Aging experts recommend boomers consider the concept of Universal Design as an easy and simple way to plan for their housing future. Universal Design is an approach to design that makes living easy for people of all ages, sizes, and abilities.

Anticipating the change

As people grow older, it becomes clear that many American homes were not universally designed, and things like stairs, narrow doorways and high countertops become quality of life barriers. “Experts tell us that America’s housing stock could be described as ‘Peter Pan’ housing, designed for people who never grow old.” says Cynthia Hellyar, a gerontologist with The Hartford. “As people age, reduced strength, dexterity and mobility can make navigating in their homes difficult and dangerous.”

Facing the change

Though most people want to stay in their homes as long as possible, Hellyar says few make the changes necessary to make it a safe and comfortable place. “Over time, when normal age related changes such as vision catch up with us, everyday activities that were quick and easy can become more difficult and take longer, particularly in a home that is not universally designed.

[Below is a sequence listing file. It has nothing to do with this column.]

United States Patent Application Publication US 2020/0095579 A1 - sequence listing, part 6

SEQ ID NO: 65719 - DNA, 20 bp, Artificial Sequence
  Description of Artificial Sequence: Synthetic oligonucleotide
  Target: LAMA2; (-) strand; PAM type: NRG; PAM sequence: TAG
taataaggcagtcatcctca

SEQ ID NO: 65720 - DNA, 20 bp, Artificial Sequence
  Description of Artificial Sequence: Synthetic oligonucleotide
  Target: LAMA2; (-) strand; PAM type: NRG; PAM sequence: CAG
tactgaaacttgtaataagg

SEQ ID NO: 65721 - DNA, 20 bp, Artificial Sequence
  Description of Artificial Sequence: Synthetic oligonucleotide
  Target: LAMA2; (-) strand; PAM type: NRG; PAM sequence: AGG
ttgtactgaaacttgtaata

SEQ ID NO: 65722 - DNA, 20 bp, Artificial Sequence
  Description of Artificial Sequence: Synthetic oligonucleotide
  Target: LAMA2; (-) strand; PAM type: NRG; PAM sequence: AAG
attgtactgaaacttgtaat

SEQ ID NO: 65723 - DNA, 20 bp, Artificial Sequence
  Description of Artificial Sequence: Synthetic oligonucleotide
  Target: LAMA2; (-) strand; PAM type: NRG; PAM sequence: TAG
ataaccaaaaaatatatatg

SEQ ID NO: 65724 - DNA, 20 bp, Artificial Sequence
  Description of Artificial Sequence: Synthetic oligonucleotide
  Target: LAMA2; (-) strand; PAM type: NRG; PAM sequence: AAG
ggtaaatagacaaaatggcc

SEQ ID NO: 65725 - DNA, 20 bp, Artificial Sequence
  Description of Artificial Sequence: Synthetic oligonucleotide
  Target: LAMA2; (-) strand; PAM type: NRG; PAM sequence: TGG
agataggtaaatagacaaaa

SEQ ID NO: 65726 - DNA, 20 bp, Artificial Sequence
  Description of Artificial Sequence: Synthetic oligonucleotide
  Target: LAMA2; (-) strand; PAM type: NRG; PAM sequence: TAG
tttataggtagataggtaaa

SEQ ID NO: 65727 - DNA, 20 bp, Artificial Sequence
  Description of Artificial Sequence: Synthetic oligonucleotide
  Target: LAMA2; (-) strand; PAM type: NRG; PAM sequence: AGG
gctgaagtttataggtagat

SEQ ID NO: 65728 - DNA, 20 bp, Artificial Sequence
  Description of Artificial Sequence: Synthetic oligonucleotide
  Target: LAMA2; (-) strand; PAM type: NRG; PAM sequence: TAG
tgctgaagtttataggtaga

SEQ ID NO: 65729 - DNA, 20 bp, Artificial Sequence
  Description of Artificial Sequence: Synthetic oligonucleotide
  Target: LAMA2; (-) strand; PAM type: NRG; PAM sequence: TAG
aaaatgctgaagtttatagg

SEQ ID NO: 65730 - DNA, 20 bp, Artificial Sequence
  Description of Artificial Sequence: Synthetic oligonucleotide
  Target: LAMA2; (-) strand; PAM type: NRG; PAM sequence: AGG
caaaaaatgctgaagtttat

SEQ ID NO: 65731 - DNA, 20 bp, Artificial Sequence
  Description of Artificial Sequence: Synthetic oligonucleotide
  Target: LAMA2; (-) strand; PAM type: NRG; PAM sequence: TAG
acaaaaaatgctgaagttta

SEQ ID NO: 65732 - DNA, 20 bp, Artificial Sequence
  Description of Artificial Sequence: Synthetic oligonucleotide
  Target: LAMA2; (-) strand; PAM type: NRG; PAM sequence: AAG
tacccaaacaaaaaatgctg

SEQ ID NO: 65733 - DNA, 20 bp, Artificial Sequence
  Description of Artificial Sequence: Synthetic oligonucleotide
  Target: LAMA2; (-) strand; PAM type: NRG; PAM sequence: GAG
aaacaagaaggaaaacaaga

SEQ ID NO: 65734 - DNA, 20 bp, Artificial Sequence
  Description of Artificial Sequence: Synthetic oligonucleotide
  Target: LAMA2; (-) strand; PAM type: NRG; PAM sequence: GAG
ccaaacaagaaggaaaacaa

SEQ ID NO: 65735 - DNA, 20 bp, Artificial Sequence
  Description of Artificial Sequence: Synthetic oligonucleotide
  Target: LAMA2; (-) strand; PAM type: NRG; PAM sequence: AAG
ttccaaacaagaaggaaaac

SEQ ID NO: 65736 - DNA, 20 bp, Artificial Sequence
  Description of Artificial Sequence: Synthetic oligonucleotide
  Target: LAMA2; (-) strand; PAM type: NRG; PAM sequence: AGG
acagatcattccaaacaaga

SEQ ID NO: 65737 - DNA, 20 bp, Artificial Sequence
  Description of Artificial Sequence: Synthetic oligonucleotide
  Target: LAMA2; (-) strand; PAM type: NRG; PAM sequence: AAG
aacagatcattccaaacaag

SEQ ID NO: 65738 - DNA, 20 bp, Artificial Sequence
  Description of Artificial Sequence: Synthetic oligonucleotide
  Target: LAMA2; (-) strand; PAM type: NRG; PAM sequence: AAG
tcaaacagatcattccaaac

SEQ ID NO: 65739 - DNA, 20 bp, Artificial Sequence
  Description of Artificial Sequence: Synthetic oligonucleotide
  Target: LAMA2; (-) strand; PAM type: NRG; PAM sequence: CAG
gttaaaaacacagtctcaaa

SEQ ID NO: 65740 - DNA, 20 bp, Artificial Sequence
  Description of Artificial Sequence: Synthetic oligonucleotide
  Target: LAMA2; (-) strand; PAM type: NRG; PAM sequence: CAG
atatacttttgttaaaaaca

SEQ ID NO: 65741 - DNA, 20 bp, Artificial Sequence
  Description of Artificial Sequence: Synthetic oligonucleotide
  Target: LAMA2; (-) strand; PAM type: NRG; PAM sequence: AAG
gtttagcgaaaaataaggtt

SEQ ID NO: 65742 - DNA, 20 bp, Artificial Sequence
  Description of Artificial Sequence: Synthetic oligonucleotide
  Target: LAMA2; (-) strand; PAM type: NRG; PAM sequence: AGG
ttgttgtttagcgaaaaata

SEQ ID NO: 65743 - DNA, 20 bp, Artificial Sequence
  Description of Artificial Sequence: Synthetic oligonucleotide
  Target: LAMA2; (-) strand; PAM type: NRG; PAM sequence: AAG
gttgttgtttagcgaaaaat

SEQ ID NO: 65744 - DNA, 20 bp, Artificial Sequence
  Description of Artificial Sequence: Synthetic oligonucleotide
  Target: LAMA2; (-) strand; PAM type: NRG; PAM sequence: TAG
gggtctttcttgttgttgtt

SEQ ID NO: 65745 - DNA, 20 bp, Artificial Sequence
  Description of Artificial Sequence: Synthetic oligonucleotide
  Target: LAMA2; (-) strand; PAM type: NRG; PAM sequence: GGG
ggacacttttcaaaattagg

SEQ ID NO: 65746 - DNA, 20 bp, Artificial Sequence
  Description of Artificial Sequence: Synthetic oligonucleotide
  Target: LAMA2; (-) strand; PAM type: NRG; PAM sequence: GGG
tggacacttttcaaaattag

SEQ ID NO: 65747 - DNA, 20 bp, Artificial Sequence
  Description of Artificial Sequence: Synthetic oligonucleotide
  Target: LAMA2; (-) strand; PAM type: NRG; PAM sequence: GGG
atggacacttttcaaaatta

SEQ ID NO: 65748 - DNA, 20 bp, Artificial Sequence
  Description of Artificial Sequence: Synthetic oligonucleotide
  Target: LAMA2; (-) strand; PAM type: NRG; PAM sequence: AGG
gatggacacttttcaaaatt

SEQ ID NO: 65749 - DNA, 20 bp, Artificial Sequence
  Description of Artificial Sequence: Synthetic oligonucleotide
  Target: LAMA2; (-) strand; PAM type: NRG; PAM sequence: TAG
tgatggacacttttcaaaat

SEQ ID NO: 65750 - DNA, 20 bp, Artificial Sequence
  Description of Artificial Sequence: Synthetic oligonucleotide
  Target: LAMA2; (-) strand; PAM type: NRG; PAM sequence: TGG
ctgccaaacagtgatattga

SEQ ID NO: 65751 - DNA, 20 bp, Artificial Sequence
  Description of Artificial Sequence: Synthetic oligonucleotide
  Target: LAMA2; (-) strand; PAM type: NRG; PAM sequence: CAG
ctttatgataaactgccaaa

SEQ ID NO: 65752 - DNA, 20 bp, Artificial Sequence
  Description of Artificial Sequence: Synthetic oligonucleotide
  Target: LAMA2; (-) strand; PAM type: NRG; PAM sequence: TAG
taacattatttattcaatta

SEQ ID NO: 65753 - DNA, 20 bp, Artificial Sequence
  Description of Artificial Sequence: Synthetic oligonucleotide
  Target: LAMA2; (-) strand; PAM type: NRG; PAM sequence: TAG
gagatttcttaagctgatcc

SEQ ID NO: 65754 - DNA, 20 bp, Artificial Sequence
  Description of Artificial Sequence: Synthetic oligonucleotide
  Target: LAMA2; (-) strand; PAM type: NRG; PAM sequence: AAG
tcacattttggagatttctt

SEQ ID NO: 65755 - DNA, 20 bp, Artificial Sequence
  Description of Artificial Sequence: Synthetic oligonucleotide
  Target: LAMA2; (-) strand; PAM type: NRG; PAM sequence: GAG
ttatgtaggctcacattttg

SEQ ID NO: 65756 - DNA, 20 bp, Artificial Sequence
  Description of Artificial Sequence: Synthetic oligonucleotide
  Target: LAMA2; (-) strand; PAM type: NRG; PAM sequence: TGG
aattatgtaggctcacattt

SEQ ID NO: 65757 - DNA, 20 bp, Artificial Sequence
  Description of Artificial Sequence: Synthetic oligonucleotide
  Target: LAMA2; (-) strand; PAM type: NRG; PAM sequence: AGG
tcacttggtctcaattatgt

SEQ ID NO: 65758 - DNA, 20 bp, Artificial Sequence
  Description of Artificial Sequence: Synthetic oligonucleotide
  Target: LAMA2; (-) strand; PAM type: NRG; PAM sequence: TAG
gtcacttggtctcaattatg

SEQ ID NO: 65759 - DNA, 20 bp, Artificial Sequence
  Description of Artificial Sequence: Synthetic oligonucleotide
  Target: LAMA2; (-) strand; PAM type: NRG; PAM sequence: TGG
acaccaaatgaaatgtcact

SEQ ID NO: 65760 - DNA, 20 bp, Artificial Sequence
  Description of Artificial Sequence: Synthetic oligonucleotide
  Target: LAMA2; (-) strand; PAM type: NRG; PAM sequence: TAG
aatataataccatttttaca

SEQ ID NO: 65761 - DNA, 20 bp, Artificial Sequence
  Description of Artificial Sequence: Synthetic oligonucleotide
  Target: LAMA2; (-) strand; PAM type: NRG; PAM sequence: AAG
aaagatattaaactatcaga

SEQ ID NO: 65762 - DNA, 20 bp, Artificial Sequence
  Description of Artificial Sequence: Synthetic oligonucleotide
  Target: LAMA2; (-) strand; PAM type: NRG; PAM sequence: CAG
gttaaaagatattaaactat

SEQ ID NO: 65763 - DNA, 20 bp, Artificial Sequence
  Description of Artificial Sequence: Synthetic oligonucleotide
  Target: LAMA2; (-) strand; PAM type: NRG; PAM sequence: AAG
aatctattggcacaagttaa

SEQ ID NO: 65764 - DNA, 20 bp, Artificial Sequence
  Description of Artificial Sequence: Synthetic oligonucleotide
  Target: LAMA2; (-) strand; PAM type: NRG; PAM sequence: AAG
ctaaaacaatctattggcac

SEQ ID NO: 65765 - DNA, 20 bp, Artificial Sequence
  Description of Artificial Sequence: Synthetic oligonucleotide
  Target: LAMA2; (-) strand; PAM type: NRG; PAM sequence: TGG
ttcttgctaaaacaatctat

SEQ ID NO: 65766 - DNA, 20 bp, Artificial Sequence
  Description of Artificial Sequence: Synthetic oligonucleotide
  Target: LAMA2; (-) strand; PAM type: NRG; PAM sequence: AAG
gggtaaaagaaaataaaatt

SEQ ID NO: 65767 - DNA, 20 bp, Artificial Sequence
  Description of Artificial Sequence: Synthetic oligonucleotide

But she says, older adults can make simple changes to improve accessibility and quality of life. “Replacing round door knobs with a lever style handle can remove a frustrating obstacle and make life easier for someone with arthritis. While stairs can’t be removed, replacing carpeting with treads, increasing lighting at the top and bottom,and installing a second hand- rail can make them much safer.” Hellyar also suggests removing thresholds between rooms and increasing lighting throughout the home.